Theory-based university admissions testing for a new millennium

Robert J. Sternberg, Damian Birney, Brent Bridgeman, Anna Cianciolo, Wayne Camara, Michael Drebot, Sarah Duman, Richard Duran, Howard Everson, Ann Ewing, Edward Friedman, Elena L. Grigorenko, Diane Halpern, Pj Henry, Charles Huffman, Linda Jarvin, Smaragda Kazi, Donna Macomber, Laura Maitland, Jack McArdle & 26 others Carol Rashotte, Jerry Rudmann, Amy Schmidt, Karen Schmidt, Brent Slife, Mary Spilis, Steven Stemler, Carlos Torre, Richard Wagner, Jennifer Hedlund, Jeanne Wilt, Kristina Nebel, Kevin Plamondon, Andrea Sacerdote, Eric Goodrich, Weihua Niu, Melissa Droller, Evonne Plantinga, Mengdan Chu, Kathryn Rado, Julie Goodrich, Lisa Morgan, Donna Vann, Robert Silaghi, Joseph White, Susan Ashford

    Research output: Contribution to journalReview article

    Abstract

    This article describes two projects based on Robert J. Sternberg's theory of successful intelligence and designed to provide theory-based testing for university admissions. The first, Rainbow Project, provided a supplementary test of analytical, practical, and creative skills to augment the SAT in predicting college performance. The Rainbow Project measures enhanced predictive validity for college grade point average (GPA) relative to high school GPA and the SAT (an acronym that originally stood for Scholastic Aptitude Test but that now stands for nothing in particular) and decreased ethnic-group disparities in test scores. The second, the University of Michigan Business School Project, provided supplementary tests of practical skills to augment the Graduate Management Admissions Test (GMAT) in predicting business school performance. Scores on two types of measures of practical skills predicted performance inside and outside the classroom and explained variance in performance beyond GMAT scores and undergraduate GPA. The measures tended to exhibit less disparity across gender and racial or ethnic groups than did the GMAT. The findings from the two projects demonstrate the potential value of including a broader range of abilities in admissions testing.

    Original languageEnglish (US)
    Pages (from-to)185-198
    Number of pages14
    JournalEducational Psychologist
    Volume39
    Issue number3
    DOIs
    StatePublished - Jan 1 2004

    Fingerprint

    Ethnic Groups
    Aptitude Tests
    Aptitude
    Intelligence

    ASJC Scopus subject areas

    • Developmental and Educational Psychology

    Cite this

    Sternberg, R. J., Birney, D., Bridgeman, B., Cianciolo, A., Camara, W., Drebot, M., ... Ashford, S. (2004). Theory-based university admissions testing for a new millennium. Educational Psychologist, 39(3), 185-198. https://doi.org/10.1207/s15326985ep3903_4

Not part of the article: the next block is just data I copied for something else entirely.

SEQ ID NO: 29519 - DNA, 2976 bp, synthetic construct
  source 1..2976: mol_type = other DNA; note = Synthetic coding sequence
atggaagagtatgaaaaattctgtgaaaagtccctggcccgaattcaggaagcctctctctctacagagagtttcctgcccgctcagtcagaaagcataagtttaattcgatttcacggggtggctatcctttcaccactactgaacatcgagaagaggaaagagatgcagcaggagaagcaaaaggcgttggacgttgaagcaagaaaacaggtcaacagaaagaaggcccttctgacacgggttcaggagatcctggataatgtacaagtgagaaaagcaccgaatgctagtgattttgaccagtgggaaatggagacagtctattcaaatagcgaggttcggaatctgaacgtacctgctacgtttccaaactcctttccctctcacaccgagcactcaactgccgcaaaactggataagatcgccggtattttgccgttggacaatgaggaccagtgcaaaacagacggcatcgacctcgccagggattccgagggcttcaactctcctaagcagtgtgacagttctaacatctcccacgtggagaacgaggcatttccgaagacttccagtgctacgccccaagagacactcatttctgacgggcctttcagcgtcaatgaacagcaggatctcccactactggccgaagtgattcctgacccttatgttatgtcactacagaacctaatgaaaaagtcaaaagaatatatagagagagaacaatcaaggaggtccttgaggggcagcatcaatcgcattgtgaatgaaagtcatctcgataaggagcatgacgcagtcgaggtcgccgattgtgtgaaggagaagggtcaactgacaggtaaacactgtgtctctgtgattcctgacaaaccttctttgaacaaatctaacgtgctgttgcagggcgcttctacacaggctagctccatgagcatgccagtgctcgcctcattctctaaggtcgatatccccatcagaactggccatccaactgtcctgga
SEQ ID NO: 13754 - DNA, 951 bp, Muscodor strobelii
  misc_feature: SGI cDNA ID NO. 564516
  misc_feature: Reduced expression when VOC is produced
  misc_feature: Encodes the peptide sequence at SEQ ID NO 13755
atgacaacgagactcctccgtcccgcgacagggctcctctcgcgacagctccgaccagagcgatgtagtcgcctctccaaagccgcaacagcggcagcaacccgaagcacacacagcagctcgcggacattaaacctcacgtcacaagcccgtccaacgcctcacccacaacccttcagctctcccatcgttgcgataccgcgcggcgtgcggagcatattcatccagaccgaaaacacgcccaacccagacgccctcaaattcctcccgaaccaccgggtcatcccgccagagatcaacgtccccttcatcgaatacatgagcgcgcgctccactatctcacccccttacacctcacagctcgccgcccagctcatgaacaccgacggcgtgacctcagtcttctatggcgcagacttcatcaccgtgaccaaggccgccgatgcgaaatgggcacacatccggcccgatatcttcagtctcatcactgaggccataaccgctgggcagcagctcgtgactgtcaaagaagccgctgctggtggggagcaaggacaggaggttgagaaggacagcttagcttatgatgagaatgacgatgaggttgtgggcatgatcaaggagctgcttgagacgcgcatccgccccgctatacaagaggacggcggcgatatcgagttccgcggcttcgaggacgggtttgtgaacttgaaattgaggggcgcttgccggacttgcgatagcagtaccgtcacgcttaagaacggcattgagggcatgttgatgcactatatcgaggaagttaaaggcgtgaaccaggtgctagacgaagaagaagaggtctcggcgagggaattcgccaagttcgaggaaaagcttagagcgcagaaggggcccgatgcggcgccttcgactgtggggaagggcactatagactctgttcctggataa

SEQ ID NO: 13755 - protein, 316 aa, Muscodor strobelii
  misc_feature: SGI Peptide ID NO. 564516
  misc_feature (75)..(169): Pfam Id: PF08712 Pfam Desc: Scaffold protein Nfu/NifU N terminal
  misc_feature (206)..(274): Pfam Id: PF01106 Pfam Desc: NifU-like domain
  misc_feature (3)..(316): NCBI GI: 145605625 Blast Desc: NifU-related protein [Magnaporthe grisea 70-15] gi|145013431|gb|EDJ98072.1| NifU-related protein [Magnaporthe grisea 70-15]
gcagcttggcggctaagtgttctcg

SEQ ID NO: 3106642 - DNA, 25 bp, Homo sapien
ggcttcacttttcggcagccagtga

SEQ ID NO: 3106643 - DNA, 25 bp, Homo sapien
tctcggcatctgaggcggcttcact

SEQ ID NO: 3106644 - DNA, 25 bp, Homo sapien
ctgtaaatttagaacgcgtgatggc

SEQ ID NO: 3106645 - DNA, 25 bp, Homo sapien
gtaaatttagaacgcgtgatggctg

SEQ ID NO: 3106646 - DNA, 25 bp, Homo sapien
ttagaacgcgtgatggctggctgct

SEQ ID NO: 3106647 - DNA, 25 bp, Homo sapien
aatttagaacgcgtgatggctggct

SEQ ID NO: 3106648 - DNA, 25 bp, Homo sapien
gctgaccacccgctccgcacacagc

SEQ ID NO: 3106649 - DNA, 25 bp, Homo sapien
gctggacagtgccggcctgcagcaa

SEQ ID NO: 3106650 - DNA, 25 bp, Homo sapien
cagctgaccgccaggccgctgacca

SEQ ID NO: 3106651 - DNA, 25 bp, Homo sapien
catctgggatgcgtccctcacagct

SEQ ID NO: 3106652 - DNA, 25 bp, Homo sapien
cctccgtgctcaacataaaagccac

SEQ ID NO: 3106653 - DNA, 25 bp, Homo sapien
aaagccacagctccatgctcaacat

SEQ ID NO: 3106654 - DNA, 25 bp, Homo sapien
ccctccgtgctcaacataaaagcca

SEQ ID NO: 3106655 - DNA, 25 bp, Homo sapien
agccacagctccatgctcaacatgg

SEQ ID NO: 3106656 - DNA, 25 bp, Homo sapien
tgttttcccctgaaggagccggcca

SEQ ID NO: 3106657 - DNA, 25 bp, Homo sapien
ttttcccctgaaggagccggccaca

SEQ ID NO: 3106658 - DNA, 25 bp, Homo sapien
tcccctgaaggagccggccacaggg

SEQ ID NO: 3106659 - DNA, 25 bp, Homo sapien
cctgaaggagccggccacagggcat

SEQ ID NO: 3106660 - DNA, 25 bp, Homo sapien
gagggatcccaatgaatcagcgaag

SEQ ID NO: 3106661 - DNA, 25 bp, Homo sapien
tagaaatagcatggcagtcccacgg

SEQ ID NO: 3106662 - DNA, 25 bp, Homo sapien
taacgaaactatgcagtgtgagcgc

Theory-based university admissions testing for a new millennium. / Sternberg, Robert J.; Birney, Damian; Bridgeman, Brent; Cianciolo, Anna; Camara, Wayne; Drebot, Michael; Duman, Sarah; Duran, Richard; Everson, Howard; Ewing, Ann; Friedman, Edward; Grigorenko, Elena L.; Halpern, Diane; Henry, Pj; Huffman, Charles; Jarvin, Linda; Kazi, Smaragda; Macomber, Donna; Maitland, Laura; McArdle, Jack; Rashotte, Carol; Rudmann, Jerry; Schmidt, Amy; Schmidt, Karen; Slife, Brent; Spilis, Mary; Stemler, Steven; Torre, Carlos; Wagner, Richard; Hedlund, Jennifer; Wilt, Jeanne; Nebel, Kristina; Plamondon, Kevin; Sacerdote, Andrea; Goodrich, Eric; Niu, Weihua; Droller, Melissa; Plantinga, Evonne; Chu, Mengdan; Rado, Kathryn; Goodrich, Julie; Morgan, Lisa; Vann, Donna; Silaghi, Robert; White, Joseph; Ashford, Susan.

    In: Educational Psychologist, Vol. 39, No. 3, 01.01.2004, p. 185-198.

    Research output: Contribution to journalReview article

    Sternberg, RJ, Birney, D, Bridgeman, B, Cianciolo, A, Camara, W, Drebot, M, Duman, S, Duran, R, Everson, H, Ewing, A, Friedman, E, Grigorenko, EL, Halpern, D, Henry, P, Huffman, C, Jarvin, L, Kazi, S, Macomber, D, Maitland, L, McArdle, J, Rashotte, C, Rudmann, J, Schmidt, A, Schmidt, K, Slife, B, Spilis, M, Stemler, S, Torre, C, Wagner, R, Hedlund, J, Wilt, J, Nebel, K, Plamondon, K, Sacerdote, A, Goodrich, E, Niu, W, Droller, M, Plantinga, E, Chu, M, Rado, K, Goodrich, J, Morgan, L, Vann, D, Silaghi, R, White, J & Ashford, S 2004, 'Theory-based university admissions testing for a new millennium', Educational Psychologist, vol. 39, no. 3, pp. 185-198. https://doi.org/10.1207/s15326985ep3903_4